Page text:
fitpositively:

This workout will get your heart rate up while working the tum tum! The whole core gets engaged here as you lift up your legs with your lower abs and your upper body with your sixpack abs. Just be careful of your neck so that it doesn’t strain too much. For this one I currently do 4 sets of 10 reps. I originally started out with about 4 sets of 5 reps if I could.

image

Posted on Jul 24, 2014 with 160 notes REBLOG

(Source: downtownn)

Posted on Jul 21, 2014 with 2,591 notes REBLOG
reblog even though “against” is spelled wrong

reblog even though “against” is spelled wrong

(Source: fitnesstipsonly)

Posted on Jul 21, 2014 with 2,016 notes REBLOG
fatmaninalittlesuit:

I’m finally learning this lesson.

fatmaninalittlesuit:

I’m finally learning this lesson.

(Source: fitblrholics)

Posted on Jul 21, 2014 with 1,170 notes REBLOG

(Source: greyandblak)

Posted on Jul 21, 2014 with 9,200 notes REBLOG

(Source: fitblrholics)

Posted on Jul 21, 2014 with 2,194 notes REBLOG
afoodiepatootie:

Hey Guys! Usually I hate Sundays, but it’s kind of hard to hate today honestly when it’s this gorgeous out. 
I have been getting a bunch of messages from people who have lost some weight, and are now frustrated because they are dealing with the dreaded plateau. 
Maybe some of you have experienced this: You’re tracking calories, working out consistently and the weight is coming off. The one day: The scale just. won’t. budge.  Sometimes this can go on for days, a week, or even a few weeks. Now what?! 
Even though it’s completely normal for a weight loss plateau to happen, it can often send a dieter off track….and into a box of cookies. I’ve been there, trust me. I would think, “If I’m being so good and it’s just not working I might as well say screw it!” But what I have learned is: you CAN be strong and start getting back on track again. Try at least one of the following tips, and I’m sure you’ll be back on track in no time. 
Here are five important things to know about hydration and exercise:
1. Don’t eat the same amount of calories every day.
In theory, you’ve got to eat less to lose more, but this isn’t always the case. Sometimes you just have to change it up.  Here’s one way to do it: If your average daily intake is 1,600 calories, try dropping to 1,400 one day, going up to 1,800 the next day, and then dropping back to 1,400. The idea is to keep your metabolism guessing. There’s no magic number that works for everyone, so you need to experiment and see what works for you and your body. Please note: On the other side of the spectrum of giving up when you hit a plateau is going to unhealthy measures to get the results you want. Don’t restrict your calories because you are just desperate to get over that hump. DO NOT DO THIS. Eating too little can mess up your metabolism, mess up your body, and completely just mess up your emotional relationship with food. According to Beachbody Director of Results Steve Edwards, what happens when you zigzag is that you force your body to choose how many calories it needs to recover from the rigors of your exercise program. “Most people who hit a plateau are undereating. If you are indeed undereating, adding calories for a few days, then lowering them again, will help you force your body into a hormonal response that will not only help you break out of a plateau, but—as you learn to recognize the signals—will teach you how much food you should be eating.”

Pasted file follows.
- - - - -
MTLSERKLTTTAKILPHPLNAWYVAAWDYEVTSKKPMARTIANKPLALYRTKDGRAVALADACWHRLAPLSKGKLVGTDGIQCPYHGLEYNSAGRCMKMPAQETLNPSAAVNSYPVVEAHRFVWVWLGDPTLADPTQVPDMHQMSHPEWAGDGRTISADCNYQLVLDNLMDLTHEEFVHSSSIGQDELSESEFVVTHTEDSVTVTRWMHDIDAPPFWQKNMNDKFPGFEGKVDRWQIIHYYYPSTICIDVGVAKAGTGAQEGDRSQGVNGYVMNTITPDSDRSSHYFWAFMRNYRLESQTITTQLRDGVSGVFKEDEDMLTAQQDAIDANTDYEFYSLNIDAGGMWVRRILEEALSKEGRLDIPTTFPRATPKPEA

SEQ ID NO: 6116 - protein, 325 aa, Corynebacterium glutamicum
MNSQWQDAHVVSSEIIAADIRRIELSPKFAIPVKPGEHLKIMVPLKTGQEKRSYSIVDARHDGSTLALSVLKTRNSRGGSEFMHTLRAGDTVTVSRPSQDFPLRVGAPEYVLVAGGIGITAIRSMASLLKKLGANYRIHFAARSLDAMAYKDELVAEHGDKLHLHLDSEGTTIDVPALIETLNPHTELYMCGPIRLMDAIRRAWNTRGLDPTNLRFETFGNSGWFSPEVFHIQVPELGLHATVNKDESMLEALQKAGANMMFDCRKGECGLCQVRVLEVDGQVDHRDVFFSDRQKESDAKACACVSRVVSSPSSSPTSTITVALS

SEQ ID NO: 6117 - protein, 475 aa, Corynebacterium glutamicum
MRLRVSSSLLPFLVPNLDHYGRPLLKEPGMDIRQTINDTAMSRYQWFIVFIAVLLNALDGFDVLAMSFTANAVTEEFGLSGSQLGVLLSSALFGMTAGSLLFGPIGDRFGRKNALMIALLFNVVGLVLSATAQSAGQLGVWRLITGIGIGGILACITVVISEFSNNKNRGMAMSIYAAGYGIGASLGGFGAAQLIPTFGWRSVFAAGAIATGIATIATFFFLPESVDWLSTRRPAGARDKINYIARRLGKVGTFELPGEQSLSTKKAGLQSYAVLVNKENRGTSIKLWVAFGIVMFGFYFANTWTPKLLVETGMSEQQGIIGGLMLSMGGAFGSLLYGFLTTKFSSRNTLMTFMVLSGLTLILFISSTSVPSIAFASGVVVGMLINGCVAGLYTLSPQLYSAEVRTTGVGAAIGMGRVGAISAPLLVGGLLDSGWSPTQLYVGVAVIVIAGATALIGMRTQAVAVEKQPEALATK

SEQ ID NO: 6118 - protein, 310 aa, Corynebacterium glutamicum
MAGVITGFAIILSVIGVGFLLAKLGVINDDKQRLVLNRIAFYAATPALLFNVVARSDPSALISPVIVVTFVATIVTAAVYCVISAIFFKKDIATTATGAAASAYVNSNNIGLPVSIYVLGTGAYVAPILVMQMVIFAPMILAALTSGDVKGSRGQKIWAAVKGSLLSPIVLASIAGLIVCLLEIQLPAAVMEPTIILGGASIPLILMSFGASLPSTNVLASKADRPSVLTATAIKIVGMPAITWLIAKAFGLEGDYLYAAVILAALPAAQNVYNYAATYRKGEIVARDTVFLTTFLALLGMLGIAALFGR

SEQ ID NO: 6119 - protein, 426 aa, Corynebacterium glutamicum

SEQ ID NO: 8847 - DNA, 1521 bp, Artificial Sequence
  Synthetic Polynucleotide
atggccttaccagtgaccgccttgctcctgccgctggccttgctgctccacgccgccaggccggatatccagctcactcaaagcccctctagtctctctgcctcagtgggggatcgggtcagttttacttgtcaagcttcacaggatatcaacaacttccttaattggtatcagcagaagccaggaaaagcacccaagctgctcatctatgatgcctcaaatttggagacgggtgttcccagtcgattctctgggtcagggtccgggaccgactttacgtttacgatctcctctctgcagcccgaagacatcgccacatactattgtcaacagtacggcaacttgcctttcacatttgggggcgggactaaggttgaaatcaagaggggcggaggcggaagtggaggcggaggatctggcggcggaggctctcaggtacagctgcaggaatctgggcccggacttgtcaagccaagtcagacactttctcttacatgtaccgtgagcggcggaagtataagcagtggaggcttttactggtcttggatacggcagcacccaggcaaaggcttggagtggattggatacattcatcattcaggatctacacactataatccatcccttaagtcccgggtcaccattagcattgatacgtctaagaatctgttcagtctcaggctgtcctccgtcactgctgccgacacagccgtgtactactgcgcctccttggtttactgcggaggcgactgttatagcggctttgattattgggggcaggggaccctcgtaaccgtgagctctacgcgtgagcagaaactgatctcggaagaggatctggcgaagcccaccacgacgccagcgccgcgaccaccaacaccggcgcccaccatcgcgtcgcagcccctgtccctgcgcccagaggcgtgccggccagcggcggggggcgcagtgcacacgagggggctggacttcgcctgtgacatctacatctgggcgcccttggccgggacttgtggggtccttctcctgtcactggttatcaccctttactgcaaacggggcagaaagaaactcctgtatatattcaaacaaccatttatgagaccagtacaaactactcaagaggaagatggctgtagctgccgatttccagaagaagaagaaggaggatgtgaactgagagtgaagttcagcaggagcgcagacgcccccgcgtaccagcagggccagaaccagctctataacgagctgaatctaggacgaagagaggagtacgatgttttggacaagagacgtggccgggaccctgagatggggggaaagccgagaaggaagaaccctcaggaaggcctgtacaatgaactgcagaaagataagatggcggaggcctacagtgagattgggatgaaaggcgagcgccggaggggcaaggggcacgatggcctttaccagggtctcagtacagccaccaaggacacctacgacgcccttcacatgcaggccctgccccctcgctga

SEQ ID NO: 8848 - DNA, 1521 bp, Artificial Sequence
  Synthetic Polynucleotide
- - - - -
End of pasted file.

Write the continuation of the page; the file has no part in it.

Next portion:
2. Change up your fitness routine.
If you do the same workout each day, it will become less and less challenging and as a result, less effective. If you push yourself to new levels of strength or exhaustion, you’ll definitely see results. Here are some ways you can challenge yourself:
- Swap your jog for a bike ride.
- Try weights with your cardio routine. 
- Add intervals of high intensity to really make you sweat. 
- Drop to the floor for 10 push-ups right now!
The idea is to put your body through something different. According to Edwards, “The better you get at something, the easier it becomes. That’s why we’re always telling you to add more weight as you get stronger, and to move faster and jump higher as our programs progress. But it’s also why all of our programs have phases of training. As your body adapts to stimulus, you need to change that stimulus in order to keep results happening.”
3. Eat some almonds.
Almonds are one of my favorite snacks. I have some every day on my train ride home from work (with some dark chocolate chips..shhh). Plus there’s actually some research that indicates that they can help you burn fat. That’s because they contain fiber and fatty acids—the good kind of fat that helps you lose weight. A study published in the International Journal of Obesity compared two groups of people who ate a 1,000-calorie-a-day diet. As part of their daily diet, one group ate 3 ounces of almonds every day. The other group ate a mix of complex carbs. What happened? The group that ate the almonds lost more weight.So next time you go for a snack, try a small handful of almonds! If not almonds, any nut would work (not peanuts, they are legumes). 
4. Get more sleep.